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Look it up, eh?
The Canadian Oxford Dictionary
The Oxford Minireference Dictionary & Thesaurus
Reviewed by Nicole Redman
A truly Canadian term with a definition that could only be found
in a truly Canadian dictionary. While Canadians may be at times
reluctant to embrace our uniqueness when it comes to the usage and
nuance of language we do to certain degree have our own special
way of speaking, writing and defining words.
In this first Canadian dictionary by the world renowned Oxford
University Press, the opportunity to embrace such Canadian specific
words, places and people overflows. An extensive amount of research
has obviously been undertaken by the lexicographers of these 1,728
While thumbing through the pages of this reliable dictionary I
came across a definition of Beavertail. Laughing, I counted myself
fortunate that it had not been published years ago when I would
play a common little joke on visiting friends and relatives in Ottawa.
With much fanfare I would invite them out to the Byward Market for
Beavertails. My victims in this much overplayed joke would gasped
in horror by the thought of consuming a beaver's tail. Their disgust
would turn to rather pleasant joy as they discovered that, as Oxford's
Dictionary defines it; a Beavertail is "a flat oval of deep
fried dough served with various garnishes, esp. sugar and cinnamon"
The Canadian Oxford Dictionary contains over 2000 entries
like Beavertails that are specifically Canadian words and definitions.
Canadianisms like booze can, dipsy-doodle, felquiste, kick at the
cat and murderball are all in here with all their 'hoser' glory.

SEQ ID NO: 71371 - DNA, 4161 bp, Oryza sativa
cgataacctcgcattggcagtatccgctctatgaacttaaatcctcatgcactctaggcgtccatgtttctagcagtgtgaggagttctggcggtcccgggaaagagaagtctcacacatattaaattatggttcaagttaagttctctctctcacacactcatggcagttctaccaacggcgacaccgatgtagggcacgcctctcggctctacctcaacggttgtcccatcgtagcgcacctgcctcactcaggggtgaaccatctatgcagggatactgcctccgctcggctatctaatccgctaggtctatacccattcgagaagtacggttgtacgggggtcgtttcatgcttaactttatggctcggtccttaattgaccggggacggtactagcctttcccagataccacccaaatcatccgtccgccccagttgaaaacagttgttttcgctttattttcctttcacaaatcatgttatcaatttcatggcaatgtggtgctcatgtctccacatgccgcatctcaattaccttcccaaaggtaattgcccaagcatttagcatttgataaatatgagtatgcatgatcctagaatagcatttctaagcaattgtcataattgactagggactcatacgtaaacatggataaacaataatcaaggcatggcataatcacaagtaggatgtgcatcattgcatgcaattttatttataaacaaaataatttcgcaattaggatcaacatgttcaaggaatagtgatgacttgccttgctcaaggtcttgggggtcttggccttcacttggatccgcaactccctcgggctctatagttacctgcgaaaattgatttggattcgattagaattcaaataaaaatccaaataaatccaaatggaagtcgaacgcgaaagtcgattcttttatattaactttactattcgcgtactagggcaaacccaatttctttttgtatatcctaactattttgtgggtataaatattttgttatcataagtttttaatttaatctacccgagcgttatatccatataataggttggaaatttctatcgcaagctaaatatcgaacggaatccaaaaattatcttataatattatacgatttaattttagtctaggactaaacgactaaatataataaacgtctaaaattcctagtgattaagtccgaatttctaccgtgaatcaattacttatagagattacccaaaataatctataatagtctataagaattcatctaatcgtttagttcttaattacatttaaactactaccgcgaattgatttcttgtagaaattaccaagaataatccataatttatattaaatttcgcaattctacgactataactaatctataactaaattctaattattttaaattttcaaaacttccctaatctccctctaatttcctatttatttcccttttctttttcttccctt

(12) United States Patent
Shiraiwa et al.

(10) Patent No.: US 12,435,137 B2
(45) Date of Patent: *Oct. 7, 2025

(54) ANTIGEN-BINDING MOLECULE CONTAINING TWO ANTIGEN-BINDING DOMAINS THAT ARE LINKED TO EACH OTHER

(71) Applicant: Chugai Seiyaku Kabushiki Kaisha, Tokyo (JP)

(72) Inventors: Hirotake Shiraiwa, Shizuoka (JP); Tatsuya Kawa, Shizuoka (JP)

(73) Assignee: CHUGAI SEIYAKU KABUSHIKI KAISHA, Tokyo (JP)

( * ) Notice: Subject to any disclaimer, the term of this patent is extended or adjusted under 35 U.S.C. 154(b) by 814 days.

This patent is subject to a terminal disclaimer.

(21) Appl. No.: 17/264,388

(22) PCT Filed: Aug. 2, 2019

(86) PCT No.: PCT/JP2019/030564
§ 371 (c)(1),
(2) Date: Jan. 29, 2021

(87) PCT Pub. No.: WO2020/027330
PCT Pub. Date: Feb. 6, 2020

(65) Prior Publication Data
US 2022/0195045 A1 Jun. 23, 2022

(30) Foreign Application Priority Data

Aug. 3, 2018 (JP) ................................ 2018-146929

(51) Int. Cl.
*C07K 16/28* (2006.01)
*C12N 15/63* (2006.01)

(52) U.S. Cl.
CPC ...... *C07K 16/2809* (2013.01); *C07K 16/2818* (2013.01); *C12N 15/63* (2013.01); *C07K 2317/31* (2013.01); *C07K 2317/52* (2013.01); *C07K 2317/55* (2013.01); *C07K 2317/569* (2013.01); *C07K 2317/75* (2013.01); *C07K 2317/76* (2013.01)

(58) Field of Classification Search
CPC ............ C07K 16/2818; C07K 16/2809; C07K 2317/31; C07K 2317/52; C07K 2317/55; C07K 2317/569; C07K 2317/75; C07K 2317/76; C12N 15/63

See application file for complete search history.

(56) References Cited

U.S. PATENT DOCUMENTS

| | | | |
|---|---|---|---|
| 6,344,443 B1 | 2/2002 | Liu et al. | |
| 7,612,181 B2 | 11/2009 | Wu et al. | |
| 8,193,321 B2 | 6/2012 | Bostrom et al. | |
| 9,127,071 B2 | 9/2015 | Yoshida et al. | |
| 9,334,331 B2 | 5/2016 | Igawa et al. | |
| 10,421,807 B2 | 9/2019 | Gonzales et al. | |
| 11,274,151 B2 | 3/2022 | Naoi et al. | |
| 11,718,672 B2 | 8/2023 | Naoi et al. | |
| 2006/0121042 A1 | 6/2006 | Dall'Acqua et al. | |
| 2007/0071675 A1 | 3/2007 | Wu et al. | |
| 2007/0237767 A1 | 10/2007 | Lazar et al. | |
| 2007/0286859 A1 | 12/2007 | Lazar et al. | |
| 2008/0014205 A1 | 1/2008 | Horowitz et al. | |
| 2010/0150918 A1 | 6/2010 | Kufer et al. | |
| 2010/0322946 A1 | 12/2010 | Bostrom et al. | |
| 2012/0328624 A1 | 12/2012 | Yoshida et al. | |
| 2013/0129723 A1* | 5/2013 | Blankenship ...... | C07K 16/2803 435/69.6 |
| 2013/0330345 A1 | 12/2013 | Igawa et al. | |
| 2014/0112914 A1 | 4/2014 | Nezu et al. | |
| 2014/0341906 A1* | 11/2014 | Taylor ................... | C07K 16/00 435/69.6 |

This book is more than just a dictionary, it is also a reference
book with its ample informational entries which include short biographies
of Canadians ranging from Elvis Stoiko to Nellie McClung and Canadian
locations as diverse as Nunavut and the Red Chamber. However Canadian
first time astronauts Marc Garneau and Roberta Bondar have been
unfortunately overlooked. Despite this fact the dictionary at a
retail price of $39.95 and 400 entries in which snow appears is
still every writer's must-have to assist in creating that winter-scripted
In terms of the more technical aspects of publishing a dictionary,
the lexicographers of this particular one have outdone themselves.
Although a dictionary cannot teach people the correct way to use
a word -- this is can be a rather subjective exercise; it does school
us by indicating the more generally accepted spelling and definitions
of the word. This Canadian edition will let you know what the correct
Canadian spelling of "colour" is but will also indicate
that the American spelling of "color" may be used. Very
rudimentary lessons in the correct grammatical usage are also included
with most definitions.
So if you are a Canajun hangashore with a garbuator that does not
work and you decide to call it a day and go out on the town for
a Burlington Bun and some brewis you may need this dictionary and
if the last couple of words made no sense to you then you definitely
need the Canadian Oxford Dictionary.
While perusing the Oxford Canadian Dictionary with its considerable
weight I started hankering for something really compact but helpful
for those times when I am masquerading as the writer on the go.
I came across the Oxford Mini Reference Dictionary and Thesaurus.
Whether you are the budding novelist or the college essayist this
mini dictionary may be a welcome asset when it comes to that last
draft. This book is unusual because it provides dictionary and thesaurus
features within the same entry. Pronunciations are also given for
odd or cumbersome words that threaten to become tongue twisters.
The mini's "L shaped" half frames really help to provide
the mini reference of over 160,000 definitions and alternative words
with a concise layout. It is also a suitable size for large pockets,
knapsacks and therefore can accompany on your many reporting jaunts
around the world.
The plastic covering of the mini-reference is a welcome asset for those students and writers who like to munch while they work.
Published in Sources,
Number 43, Winter 1999.